Women in "Othello" Essay

1405 WordsJun 10, 20126 Pages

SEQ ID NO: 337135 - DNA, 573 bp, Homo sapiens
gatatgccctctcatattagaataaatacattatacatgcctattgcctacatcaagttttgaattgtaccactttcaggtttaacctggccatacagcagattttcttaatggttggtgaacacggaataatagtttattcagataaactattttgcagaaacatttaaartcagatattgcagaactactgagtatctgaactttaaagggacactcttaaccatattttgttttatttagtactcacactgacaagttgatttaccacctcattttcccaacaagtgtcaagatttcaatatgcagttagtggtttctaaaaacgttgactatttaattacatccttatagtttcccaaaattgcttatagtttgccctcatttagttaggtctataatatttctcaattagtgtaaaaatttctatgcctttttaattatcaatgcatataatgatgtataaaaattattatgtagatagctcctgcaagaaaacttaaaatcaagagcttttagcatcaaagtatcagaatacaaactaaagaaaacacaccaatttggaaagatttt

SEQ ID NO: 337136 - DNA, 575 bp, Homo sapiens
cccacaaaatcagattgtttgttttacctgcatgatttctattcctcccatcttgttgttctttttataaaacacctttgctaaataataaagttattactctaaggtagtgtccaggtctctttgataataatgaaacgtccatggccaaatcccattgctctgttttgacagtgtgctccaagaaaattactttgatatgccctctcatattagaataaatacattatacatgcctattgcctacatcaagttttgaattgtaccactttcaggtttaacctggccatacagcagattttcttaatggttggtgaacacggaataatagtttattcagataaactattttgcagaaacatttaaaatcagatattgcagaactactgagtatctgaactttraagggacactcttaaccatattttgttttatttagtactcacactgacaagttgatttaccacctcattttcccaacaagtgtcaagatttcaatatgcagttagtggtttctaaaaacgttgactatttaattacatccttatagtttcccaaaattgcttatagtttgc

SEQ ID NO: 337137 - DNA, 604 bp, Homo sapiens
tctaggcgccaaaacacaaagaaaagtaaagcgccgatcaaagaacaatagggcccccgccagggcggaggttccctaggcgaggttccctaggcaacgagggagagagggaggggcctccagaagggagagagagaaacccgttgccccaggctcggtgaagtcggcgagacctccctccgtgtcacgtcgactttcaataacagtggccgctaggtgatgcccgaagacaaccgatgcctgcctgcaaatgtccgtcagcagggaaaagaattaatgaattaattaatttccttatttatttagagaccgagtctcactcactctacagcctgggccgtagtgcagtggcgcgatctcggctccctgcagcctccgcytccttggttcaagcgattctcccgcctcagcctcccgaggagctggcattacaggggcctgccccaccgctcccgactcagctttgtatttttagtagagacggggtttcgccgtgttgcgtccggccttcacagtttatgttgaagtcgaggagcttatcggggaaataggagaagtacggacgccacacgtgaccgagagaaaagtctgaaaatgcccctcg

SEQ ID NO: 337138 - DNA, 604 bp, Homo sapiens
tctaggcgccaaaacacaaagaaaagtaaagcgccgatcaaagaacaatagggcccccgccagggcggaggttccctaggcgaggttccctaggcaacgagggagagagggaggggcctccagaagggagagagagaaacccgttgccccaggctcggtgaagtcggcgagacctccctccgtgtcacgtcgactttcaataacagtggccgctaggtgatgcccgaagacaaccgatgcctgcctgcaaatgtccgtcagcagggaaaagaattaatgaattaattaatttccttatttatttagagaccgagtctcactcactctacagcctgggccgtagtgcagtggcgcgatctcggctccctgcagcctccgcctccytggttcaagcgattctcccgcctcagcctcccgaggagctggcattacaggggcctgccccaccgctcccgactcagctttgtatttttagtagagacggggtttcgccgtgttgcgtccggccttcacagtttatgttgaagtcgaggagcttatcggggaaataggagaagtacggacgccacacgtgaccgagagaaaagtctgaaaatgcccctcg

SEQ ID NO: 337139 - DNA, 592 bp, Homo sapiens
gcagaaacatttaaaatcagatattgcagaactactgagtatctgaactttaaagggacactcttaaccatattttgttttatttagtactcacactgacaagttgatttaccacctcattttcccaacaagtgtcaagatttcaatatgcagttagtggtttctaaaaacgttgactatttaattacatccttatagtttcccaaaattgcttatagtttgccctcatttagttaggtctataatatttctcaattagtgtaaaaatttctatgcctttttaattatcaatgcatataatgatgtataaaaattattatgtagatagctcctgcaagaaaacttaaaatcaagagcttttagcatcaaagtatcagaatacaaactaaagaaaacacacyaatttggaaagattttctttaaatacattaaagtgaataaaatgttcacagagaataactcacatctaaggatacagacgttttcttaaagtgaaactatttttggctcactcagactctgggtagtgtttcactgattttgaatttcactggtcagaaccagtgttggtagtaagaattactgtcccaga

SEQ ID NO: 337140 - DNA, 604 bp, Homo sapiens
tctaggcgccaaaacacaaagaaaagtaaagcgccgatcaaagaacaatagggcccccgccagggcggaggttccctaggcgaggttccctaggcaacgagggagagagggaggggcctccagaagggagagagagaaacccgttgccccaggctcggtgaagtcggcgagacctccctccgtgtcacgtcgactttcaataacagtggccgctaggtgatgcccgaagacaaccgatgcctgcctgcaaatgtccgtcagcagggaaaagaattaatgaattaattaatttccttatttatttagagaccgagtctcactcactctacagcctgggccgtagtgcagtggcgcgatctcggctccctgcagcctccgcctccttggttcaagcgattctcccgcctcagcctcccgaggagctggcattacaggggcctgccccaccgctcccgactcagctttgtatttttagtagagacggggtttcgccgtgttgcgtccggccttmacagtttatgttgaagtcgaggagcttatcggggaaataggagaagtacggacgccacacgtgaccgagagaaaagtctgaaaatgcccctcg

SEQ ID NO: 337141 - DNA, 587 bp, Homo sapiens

“The women in Othello are articulate, but frustratingly unable to save themselves from the cruelty of men” In the seventeenth century, men in society dominated women. Women were “kept” by their fathers and then by their husbands, who expected them to be obedient childbearing objects. It is therefore unsurprising that in Othello, Shakespeare presents three women who are all, in one way or another, subjected to the cruelty of men. Desdemona, wife to Othello, is typically interpreted as a guiltless, virtuous and obedient woman who is smacked in public, and murdered for no real reason by her jealous husband: “A guiltless death I die” As Desdemona speaks her final lines, she says that she has died an innocent woman, and does not blame her husband for killing her, declaring it “a wretched fortune”. It is no surprise that Lisa Jardine referred to Desdemona as the stock Jacobean character, Griselda: “Glorious in her resignation in the face of husbandly chastisement”. Desdemona even says to the audience, “Let nobody blame [Othello], his scorn I approve”. It is possible that the women in Othello are articulate but unable to save themselves, because of their obedient nature to their husbands or lovers, in Bianca’s case. Despite this, Loomba wrote that Desdemona is “too knowing and too understanding”. Shakespeare might be saying that articulate women and female independence are futile and it is for that reason she must die. It is also interesting to note that Desdemona dies by suffocation, which reflects the silencing of an articulate female voice. In the scene following the journey to Cyprus, Desdemona and Othello’s ensign, Iago, have a debate about the role of women. In the controversial dispute, Desdemona manages to put Iago in his place and with wit and intelligence, outsmart the calculating and duplicitous villain of this play: “O, most lame and impotent

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